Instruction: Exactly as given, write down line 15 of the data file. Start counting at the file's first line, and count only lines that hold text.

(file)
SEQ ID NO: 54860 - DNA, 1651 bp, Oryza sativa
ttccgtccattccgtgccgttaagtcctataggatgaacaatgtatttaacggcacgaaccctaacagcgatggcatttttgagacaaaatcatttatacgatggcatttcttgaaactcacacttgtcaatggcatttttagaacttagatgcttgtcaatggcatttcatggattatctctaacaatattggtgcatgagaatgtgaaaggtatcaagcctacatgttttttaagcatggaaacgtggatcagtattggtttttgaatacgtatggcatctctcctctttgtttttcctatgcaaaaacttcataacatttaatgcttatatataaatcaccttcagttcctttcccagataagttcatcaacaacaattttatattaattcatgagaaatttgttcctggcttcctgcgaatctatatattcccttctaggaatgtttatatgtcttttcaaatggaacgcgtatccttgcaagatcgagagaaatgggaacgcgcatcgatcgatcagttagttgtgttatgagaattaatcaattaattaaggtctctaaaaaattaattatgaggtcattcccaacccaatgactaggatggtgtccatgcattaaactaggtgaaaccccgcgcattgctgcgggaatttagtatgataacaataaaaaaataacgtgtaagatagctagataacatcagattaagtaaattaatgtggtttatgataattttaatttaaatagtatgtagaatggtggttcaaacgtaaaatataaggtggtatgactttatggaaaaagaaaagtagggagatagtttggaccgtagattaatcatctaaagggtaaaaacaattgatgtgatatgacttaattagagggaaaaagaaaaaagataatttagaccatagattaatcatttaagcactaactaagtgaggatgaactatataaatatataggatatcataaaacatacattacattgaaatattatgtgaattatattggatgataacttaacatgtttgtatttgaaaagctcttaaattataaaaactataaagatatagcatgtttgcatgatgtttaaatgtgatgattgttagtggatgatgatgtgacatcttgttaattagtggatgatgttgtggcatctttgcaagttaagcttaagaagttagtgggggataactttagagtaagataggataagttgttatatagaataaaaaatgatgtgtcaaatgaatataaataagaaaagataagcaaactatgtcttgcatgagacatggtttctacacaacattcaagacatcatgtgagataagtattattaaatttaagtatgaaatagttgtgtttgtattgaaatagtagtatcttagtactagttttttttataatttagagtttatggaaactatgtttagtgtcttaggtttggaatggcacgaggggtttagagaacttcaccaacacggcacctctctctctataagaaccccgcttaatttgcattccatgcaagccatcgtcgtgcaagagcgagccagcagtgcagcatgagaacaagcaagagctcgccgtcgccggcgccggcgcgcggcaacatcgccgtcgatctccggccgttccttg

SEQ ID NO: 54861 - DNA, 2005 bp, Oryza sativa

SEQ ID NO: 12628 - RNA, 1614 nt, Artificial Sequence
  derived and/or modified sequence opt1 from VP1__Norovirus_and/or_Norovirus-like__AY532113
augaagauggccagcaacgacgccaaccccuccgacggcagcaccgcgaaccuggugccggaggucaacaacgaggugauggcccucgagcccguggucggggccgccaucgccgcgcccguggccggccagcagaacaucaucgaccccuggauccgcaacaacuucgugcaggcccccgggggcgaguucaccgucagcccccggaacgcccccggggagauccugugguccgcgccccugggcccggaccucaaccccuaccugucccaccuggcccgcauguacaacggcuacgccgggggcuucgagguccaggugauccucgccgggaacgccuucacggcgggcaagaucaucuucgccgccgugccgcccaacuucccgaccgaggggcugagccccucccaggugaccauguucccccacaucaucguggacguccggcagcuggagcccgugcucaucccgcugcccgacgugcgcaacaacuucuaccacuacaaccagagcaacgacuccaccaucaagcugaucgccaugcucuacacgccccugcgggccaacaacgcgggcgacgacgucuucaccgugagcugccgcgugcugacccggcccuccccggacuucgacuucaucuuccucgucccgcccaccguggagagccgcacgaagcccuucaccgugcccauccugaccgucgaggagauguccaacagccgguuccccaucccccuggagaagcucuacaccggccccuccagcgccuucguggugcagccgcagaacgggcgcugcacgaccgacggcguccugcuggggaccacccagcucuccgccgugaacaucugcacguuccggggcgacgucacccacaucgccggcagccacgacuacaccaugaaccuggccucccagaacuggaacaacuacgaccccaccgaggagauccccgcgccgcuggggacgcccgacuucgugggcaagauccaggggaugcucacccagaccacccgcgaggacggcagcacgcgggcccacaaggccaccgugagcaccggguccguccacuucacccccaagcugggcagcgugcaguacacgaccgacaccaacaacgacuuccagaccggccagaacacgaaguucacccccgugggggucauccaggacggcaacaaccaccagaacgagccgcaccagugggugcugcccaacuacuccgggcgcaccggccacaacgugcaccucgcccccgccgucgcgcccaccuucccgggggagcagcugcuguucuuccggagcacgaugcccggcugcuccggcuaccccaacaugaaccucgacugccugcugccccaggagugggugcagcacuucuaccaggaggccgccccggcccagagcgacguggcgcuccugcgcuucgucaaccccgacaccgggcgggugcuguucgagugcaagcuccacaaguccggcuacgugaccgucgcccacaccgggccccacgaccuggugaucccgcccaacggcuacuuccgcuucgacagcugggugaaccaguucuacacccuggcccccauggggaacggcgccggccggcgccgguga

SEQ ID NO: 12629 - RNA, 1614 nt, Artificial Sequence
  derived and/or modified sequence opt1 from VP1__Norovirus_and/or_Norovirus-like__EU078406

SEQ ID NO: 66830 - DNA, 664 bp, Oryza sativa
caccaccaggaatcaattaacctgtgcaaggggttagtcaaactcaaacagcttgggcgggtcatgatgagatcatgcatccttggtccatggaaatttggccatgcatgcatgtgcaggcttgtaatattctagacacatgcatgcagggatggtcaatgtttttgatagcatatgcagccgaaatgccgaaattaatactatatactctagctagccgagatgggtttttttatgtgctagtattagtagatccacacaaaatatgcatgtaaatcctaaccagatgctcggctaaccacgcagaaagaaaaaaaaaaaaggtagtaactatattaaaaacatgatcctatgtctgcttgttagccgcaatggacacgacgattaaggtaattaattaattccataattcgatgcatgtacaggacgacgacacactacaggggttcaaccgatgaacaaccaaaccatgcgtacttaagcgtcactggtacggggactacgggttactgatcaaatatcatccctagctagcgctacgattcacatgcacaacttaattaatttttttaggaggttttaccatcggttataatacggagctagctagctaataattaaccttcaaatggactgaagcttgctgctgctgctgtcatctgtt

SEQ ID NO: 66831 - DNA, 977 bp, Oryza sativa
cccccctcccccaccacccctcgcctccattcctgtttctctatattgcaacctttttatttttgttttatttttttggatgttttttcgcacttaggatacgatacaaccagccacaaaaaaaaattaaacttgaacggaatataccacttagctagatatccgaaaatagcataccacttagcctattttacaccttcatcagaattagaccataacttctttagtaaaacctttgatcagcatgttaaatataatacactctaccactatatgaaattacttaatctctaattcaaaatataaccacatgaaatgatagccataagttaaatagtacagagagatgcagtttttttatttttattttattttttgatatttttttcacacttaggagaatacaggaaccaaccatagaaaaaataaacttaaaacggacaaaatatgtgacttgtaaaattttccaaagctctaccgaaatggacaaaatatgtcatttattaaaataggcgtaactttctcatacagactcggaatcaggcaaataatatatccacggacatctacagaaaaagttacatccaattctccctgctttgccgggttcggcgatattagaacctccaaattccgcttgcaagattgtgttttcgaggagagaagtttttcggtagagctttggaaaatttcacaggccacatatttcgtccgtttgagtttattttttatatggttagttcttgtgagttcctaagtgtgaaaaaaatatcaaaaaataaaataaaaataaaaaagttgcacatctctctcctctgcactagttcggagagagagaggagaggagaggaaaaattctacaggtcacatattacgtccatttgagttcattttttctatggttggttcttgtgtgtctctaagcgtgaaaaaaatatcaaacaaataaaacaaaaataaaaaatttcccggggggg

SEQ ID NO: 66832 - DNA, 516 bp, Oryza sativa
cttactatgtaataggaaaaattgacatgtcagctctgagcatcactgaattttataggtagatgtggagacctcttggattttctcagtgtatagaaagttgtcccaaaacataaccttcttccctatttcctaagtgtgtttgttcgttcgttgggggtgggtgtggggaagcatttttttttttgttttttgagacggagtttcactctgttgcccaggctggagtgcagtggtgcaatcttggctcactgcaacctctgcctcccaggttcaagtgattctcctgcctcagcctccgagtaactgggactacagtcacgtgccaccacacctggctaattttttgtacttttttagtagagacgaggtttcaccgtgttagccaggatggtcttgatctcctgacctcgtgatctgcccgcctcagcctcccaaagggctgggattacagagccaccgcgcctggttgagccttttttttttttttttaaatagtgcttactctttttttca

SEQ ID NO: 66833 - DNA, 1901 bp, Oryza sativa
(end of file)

SEQ ID NO: 66833 - DNA, 1901 bp, Oryza sativa